Dr. Hamilton removed the original post from his blog when one of his readers criticized him for posting his own book as #1 on the list. I was able to track down the original post and copied it here for folks because I think it has value.

      The only work on the list I’ve read is #2. I know this work has been very influential, but I didn’t care for it for some reason. I agree with the big picture idea that a chosen people (seed) and a chosen place (land) are two primary themes of the Old Testament, but I think the author strains to place those themes everywhere in Scripture. I guess the work is a little over-speculative for my taste. I’ve read Vos and I really prefer him to this work. I read a library copy, so I worked through it pretty quickly, so perhaps I should give it another chance.

      I’d still like to read House, but I haven’t gotten around to it.

      Regarding Beale’s book, I found a paper on the internet someplace (forget where) that summarizes his thoughts on the Temple and the Church. I’ve heard that if you read this paper, you will get a good overview summary of his ideas. I bet you could google it up (it’s a PDF).

      I found Ladd’s book at a local bookstore yesterday and I’m thinking about picking it up and working through it. I like the Ladd stuff I’ve read.

      I’m also reading Pentateuch as Narrative by Sailhammer, which is pretty good. It reads more like a high-level commentary than a BT, but I think it’s pretty good.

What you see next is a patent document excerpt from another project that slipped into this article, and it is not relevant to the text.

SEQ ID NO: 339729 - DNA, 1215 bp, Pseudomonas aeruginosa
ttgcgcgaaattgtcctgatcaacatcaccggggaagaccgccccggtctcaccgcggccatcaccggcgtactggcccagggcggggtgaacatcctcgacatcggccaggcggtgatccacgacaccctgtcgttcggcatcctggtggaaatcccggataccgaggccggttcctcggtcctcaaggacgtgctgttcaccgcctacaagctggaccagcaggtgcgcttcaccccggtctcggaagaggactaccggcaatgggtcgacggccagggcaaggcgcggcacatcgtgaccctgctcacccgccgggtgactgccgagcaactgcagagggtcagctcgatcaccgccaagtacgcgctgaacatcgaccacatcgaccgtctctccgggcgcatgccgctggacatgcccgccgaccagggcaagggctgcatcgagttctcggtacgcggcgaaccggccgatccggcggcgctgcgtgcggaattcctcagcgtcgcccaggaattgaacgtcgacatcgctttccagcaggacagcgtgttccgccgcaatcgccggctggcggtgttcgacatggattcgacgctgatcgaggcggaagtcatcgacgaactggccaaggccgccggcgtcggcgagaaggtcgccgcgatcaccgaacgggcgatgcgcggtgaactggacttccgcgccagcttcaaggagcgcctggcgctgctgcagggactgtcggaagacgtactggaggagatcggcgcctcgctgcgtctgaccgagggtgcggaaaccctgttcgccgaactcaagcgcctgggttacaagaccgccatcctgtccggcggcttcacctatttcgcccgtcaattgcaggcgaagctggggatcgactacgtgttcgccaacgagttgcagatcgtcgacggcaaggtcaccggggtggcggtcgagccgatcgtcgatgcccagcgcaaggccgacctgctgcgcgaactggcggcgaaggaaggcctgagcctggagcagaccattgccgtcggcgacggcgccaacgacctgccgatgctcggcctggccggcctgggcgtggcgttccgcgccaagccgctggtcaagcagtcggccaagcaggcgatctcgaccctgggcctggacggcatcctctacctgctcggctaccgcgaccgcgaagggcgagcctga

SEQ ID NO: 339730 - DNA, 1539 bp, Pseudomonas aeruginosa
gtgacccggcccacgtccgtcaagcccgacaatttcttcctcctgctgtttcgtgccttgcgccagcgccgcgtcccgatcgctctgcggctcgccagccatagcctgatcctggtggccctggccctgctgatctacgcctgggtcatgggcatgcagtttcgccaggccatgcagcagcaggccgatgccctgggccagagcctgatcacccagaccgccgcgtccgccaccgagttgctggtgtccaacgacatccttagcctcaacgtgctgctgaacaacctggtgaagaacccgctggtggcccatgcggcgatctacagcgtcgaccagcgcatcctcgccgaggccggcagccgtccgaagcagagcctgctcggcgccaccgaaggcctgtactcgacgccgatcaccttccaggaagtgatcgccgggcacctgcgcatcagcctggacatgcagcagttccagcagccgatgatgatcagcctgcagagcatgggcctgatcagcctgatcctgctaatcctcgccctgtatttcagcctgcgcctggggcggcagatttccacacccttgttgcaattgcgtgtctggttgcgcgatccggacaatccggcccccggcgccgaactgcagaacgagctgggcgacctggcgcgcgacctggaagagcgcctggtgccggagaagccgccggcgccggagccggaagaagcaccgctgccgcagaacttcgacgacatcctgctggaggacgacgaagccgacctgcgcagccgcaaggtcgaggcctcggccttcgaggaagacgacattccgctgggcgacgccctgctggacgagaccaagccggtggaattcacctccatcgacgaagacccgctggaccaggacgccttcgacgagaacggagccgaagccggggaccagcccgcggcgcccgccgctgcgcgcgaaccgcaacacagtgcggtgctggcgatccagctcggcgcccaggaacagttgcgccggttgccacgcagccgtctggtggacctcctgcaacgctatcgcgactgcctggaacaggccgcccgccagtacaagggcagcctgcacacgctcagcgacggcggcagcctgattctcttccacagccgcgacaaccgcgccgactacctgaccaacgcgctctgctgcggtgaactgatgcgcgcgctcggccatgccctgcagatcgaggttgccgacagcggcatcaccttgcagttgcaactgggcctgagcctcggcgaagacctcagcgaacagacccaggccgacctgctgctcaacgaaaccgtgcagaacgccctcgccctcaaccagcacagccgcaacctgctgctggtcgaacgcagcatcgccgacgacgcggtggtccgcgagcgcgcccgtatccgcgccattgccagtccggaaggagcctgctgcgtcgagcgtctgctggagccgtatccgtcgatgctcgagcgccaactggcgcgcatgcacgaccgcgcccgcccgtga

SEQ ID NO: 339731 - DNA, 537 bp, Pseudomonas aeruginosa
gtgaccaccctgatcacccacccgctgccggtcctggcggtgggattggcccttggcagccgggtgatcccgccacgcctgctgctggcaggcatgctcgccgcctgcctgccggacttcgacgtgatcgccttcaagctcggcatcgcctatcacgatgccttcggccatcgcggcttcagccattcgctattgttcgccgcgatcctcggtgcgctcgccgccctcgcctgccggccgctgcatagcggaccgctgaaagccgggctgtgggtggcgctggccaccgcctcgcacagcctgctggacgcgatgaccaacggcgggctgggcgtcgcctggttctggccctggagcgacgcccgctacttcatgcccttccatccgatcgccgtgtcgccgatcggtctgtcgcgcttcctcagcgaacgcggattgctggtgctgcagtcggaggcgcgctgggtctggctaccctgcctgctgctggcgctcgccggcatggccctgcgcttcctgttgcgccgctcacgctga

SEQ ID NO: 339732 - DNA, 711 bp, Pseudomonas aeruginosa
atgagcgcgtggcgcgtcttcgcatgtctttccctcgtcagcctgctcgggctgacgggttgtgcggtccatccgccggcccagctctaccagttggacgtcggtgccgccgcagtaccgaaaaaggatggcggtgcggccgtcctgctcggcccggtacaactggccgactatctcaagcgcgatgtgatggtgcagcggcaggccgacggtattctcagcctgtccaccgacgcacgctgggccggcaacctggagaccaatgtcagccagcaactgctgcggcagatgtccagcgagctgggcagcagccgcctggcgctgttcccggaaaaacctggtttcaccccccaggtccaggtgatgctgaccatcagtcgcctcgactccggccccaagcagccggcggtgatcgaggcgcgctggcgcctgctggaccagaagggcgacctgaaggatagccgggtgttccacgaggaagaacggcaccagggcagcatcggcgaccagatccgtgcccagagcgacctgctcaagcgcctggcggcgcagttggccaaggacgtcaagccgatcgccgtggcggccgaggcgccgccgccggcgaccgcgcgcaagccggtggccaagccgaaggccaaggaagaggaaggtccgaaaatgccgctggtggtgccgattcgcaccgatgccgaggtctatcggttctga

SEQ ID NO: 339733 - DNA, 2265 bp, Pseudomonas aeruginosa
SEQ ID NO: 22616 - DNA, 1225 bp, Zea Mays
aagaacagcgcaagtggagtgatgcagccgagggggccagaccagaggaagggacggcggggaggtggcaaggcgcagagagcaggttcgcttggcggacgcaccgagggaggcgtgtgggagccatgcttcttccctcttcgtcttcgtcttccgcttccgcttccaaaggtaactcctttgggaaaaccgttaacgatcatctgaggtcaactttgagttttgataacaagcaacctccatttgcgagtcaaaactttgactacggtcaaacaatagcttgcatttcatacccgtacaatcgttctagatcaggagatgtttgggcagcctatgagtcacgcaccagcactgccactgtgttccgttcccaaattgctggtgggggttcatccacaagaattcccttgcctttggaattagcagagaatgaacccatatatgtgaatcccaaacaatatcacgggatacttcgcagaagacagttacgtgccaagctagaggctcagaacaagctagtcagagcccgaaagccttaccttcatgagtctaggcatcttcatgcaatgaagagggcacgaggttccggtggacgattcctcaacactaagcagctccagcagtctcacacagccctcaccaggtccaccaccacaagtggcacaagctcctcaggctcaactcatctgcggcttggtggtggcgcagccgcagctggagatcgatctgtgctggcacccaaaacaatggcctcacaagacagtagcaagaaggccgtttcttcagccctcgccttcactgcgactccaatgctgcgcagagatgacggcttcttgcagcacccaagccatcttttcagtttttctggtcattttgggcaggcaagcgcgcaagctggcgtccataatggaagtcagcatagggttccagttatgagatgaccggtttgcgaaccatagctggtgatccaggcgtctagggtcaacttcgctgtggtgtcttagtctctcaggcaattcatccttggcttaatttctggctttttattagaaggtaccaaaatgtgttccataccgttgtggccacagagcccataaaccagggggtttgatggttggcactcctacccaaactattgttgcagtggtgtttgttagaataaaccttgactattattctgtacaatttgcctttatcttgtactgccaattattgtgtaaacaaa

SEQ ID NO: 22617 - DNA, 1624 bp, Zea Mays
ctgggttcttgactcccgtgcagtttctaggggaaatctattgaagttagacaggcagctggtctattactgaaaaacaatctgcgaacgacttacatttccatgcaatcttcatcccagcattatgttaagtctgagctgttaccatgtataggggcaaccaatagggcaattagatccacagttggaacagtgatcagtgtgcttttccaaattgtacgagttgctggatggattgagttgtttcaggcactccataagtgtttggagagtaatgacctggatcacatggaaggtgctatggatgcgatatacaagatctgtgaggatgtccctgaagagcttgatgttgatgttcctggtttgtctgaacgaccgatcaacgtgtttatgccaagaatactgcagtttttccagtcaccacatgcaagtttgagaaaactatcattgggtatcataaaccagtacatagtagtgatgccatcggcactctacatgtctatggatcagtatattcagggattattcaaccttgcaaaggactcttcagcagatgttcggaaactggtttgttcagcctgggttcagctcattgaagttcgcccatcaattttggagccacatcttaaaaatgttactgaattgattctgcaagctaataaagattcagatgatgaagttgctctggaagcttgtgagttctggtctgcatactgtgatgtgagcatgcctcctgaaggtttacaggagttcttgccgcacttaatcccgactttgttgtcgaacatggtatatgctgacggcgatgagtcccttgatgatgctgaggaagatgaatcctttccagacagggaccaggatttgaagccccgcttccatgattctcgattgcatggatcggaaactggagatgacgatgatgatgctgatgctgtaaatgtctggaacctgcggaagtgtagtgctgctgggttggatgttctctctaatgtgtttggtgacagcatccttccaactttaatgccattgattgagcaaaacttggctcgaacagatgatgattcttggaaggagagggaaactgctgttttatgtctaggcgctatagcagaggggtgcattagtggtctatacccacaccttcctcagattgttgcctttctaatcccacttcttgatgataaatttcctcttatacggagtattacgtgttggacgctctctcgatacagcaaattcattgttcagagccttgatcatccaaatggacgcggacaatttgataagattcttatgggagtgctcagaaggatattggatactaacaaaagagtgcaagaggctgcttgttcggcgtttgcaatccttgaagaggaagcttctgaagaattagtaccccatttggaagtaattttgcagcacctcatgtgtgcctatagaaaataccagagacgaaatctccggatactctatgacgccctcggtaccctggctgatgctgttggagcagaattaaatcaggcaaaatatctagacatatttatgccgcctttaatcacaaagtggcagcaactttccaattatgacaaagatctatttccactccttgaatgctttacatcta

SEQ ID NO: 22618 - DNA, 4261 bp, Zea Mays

You can also find a PDF of Kingdom Prologue on the internet and I recommend that.

      What have you read? What do you recommend?

      Andrew

  2. Pingback: Jim Hamilton recommendations for Biblical Studies « My Digital Seminary

  3. Hi Andrew, thank you for your reply and summary of these books. I’ve got a few Vos books on my list of books to get. To be honest I haven’t read any of these and probably the only thing I’ve read close to Biblical Theology per se is Gordon Fee’s Pauline Christology, which I’d highly recommend (of course he has certain quirks but the book has been a feast for me, I’m just in the second half).

    About Dr. Hamilton’s post, I’m quite surprised that someone would complain about him putting his book at #1. It feels like a false understanding of humility that would demand someone to not think their own work is useful!

    • Lindsay –

      I don’t understand why anyone would criticize Dr. Hamilton for endorsing his own book. If he didn’t strongly believe what he wrote, he wouldn’t have written it.

      By the way, you can find a lot of syllabi for various seminary-level classes at RBS: http://www.rbseminary.org/syllabi-exegetical-theology/

      You may not agree ‘down the line’ with everything at a reformed Baptist institution like that, but you will get some good reading ideas.

      About the only works that I highly endorse are: Pilgrim’s Progress, Matthew Henry’s Commentaries, AW Pink’s The Divine Covenants, Thomas Watson’s Body of Divinity, and The Marrow of Modern Divinity. These can all be found freely online.

      For additional ideas about home-like seminary training, see “No Time For Seminary?” at the following link:
      http://www.reformationtheology.com/2008/04/no_time_for_seminary.php

      Again, this is heavily biases towards reformed theology, but I think you’ll get some good ideas, none the less.

      God Bless,
      Andrew

      • Thank you Andrew, these links look great.
        I’m not worried about Reformed Baptist theology, in fact I’m probably closer to it than anything else.

  4. Pingback: Jim Hamilton’s Recommendations for Biblical Studies